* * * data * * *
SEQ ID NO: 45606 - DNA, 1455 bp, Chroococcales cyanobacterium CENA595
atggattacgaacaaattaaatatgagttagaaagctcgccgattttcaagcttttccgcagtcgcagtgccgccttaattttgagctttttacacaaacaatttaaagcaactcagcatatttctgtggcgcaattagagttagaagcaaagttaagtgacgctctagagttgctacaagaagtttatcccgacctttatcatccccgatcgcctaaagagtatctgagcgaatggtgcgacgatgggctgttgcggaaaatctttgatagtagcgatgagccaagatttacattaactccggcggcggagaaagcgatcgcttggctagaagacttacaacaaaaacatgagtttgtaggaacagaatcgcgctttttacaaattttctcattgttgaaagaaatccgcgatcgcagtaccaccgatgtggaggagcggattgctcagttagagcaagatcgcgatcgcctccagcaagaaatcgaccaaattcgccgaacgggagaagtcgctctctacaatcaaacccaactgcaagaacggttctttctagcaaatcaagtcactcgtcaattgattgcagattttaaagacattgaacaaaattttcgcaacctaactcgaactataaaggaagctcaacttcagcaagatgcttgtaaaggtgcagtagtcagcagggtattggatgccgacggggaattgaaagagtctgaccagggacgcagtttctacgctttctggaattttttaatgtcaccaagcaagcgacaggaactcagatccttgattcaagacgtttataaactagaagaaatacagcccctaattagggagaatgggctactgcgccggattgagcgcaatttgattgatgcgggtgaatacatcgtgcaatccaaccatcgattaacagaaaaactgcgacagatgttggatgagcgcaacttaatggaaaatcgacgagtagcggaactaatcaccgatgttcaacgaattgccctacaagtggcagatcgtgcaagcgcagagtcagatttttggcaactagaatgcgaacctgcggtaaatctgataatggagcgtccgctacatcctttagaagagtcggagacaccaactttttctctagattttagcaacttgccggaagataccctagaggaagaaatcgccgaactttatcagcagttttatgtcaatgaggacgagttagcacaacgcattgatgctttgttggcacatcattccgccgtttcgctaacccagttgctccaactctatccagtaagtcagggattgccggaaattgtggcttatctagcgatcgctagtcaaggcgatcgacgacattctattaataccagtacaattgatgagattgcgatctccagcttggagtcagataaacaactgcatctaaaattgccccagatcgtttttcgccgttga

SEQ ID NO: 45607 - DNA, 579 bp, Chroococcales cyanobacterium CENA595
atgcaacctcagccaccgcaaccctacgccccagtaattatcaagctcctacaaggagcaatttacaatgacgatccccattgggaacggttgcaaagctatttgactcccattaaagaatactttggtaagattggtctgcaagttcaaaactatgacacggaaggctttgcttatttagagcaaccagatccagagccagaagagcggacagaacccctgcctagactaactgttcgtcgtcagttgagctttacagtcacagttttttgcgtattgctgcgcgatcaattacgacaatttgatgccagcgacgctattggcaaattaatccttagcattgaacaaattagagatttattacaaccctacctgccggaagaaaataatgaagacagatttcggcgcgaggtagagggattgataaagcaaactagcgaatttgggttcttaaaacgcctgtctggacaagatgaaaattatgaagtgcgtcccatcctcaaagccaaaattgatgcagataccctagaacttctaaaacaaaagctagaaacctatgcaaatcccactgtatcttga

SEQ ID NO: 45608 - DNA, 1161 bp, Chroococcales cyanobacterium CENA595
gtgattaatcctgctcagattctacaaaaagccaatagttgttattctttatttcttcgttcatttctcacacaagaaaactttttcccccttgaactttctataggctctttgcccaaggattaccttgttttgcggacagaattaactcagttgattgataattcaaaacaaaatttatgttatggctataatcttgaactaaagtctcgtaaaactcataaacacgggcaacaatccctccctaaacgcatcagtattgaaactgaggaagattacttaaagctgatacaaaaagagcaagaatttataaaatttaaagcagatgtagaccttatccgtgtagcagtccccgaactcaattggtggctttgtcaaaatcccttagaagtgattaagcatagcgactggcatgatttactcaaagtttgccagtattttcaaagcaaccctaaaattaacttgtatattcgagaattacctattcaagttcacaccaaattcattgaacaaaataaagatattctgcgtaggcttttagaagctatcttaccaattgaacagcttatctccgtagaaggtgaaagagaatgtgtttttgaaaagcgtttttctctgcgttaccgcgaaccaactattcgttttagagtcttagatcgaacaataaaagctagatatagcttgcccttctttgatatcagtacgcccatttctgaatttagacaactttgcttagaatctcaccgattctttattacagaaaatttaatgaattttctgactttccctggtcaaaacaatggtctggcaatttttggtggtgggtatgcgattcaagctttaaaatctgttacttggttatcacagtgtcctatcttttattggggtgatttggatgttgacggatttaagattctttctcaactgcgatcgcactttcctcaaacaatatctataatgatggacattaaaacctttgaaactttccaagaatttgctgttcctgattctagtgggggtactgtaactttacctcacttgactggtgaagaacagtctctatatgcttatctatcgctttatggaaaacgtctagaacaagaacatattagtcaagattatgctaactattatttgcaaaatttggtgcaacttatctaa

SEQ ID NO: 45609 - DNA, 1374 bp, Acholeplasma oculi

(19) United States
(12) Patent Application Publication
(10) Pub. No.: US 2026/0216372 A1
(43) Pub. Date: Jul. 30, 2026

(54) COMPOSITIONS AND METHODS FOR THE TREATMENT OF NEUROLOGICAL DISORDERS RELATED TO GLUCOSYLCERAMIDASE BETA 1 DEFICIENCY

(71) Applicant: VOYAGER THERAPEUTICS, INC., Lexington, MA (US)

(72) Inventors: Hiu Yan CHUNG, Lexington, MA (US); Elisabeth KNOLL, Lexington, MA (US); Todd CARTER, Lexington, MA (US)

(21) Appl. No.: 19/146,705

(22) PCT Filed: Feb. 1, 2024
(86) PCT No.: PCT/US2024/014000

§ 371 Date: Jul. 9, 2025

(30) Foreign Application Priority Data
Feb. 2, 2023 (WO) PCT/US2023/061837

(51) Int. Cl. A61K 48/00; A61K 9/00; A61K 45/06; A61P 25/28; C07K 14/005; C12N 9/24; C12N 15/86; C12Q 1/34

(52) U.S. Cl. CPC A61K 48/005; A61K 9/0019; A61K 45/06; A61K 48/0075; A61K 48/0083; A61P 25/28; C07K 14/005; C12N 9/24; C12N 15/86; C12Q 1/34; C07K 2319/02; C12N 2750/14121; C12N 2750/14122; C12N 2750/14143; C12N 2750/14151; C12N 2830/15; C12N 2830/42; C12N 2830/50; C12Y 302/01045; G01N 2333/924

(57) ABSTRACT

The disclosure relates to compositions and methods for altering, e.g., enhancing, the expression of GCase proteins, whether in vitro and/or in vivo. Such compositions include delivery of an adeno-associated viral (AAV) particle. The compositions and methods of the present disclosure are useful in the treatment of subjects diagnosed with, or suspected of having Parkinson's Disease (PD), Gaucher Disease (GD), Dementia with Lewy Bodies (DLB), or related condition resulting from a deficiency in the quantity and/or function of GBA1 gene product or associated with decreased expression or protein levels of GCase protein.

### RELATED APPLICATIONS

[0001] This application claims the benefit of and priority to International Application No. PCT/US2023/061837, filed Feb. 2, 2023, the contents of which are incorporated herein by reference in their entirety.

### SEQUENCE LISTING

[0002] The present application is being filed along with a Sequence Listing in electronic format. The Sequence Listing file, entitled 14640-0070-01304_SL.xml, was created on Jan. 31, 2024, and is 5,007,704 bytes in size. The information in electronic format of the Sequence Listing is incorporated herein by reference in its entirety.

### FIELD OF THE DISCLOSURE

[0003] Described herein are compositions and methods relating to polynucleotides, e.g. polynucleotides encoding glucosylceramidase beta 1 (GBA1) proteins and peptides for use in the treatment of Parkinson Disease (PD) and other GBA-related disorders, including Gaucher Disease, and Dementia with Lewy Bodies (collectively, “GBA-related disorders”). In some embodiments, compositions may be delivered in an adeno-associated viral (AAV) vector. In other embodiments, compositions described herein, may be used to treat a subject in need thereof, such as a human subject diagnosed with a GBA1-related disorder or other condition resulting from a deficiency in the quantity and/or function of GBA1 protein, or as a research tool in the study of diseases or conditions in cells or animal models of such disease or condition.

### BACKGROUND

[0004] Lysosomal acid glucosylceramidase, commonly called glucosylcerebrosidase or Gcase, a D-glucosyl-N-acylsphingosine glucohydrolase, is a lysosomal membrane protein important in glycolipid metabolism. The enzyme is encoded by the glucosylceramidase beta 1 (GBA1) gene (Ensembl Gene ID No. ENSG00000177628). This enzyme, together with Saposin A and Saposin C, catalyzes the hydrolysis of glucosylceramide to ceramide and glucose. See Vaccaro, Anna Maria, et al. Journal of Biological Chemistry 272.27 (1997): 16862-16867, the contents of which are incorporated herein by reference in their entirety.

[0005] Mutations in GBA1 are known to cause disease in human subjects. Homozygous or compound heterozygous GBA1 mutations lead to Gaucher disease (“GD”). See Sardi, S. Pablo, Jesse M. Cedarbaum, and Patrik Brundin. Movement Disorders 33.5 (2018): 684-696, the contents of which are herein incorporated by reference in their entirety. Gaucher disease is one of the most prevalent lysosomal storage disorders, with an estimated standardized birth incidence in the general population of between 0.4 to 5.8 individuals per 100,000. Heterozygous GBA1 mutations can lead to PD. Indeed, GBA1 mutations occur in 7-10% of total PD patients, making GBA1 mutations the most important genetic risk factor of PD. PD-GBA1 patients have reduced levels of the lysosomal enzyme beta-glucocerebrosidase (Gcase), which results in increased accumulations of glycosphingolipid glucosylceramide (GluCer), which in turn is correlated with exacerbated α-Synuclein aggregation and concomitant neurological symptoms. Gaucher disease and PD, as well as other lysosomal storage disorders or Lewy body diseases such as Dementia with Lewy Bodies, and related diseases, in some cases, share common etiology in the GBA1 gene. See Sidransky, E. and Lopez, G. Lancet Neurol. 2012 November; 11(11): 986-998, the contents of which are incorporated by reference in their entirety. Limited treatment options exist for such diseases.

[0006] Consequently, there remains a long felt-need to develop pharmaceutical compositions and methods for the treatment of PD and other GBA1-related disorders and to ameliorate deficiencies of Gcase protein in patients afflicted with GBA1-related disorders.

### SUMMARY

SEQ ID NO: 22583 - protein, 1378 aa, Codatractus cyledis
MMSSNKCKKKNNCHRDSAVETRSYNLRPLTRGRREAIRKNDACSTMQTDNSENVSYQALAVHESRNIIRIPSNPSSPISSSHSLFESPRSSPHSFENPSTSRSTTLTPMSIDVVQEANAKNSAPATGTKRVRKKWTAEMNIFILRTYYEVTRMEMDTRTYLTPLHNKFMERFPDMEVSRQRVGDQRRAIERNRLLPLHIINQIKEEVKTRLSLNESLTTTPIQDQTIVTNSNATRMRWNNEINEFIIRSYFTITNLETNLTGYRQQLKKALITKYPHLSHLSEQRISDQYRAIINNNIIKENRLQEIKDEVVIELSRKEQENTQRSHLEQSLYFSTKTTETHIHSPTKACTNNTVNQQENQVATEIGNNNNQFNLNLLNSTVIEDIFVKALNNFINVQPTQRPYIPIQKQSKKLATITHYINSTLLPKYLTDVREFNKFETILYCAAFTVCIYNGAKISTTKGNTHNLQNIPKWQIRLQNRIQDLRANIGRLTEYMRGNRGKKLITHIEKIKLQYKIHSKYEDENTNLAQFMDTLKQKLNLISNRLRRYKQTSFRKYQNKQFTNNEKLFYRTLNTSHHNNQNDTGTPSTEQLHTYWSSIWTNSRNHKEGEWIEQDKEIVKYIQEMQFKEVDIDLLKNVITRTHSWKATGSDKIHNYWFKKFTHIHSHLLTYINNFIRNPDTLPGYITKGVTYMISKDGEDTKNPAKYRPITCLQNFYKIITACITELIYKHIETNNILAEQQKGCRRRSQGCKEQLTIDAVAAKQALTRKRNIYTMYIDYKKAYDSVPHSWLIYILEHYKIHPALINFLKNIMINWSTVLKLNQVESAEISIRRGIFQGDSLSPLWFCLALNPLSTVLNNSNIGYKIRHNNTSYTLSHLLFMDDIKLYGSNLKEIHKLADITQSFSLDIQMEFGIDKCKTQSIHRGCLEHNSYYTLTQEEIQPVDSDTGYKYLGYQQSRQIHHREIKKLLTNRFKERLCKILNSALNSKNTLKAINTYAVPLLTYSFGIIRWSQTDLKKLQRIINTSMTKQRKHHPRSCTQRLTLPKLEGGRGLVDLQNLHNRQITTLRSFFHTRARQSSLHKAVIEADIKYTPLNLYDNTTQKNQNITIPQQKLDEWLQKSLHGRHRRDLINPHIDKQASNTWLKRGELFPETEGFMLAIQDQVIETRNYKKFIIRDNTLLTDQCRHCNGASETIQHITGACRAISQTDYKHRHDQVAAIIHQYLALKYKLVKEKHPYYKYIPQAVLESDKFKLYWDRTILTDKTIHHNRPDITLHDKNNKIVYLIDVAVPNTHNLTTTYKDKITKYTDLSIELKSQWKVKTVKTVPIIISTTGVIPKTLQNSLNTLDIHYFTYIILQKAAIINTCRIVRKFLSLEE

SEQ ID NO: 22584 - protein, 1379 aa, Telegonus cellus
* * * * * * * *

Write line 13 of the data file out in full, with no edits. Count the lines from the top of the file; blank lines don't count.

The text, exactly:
(71) Applicant: VOYAGER THERAPEUTICS, INC., Lexington, MA (US)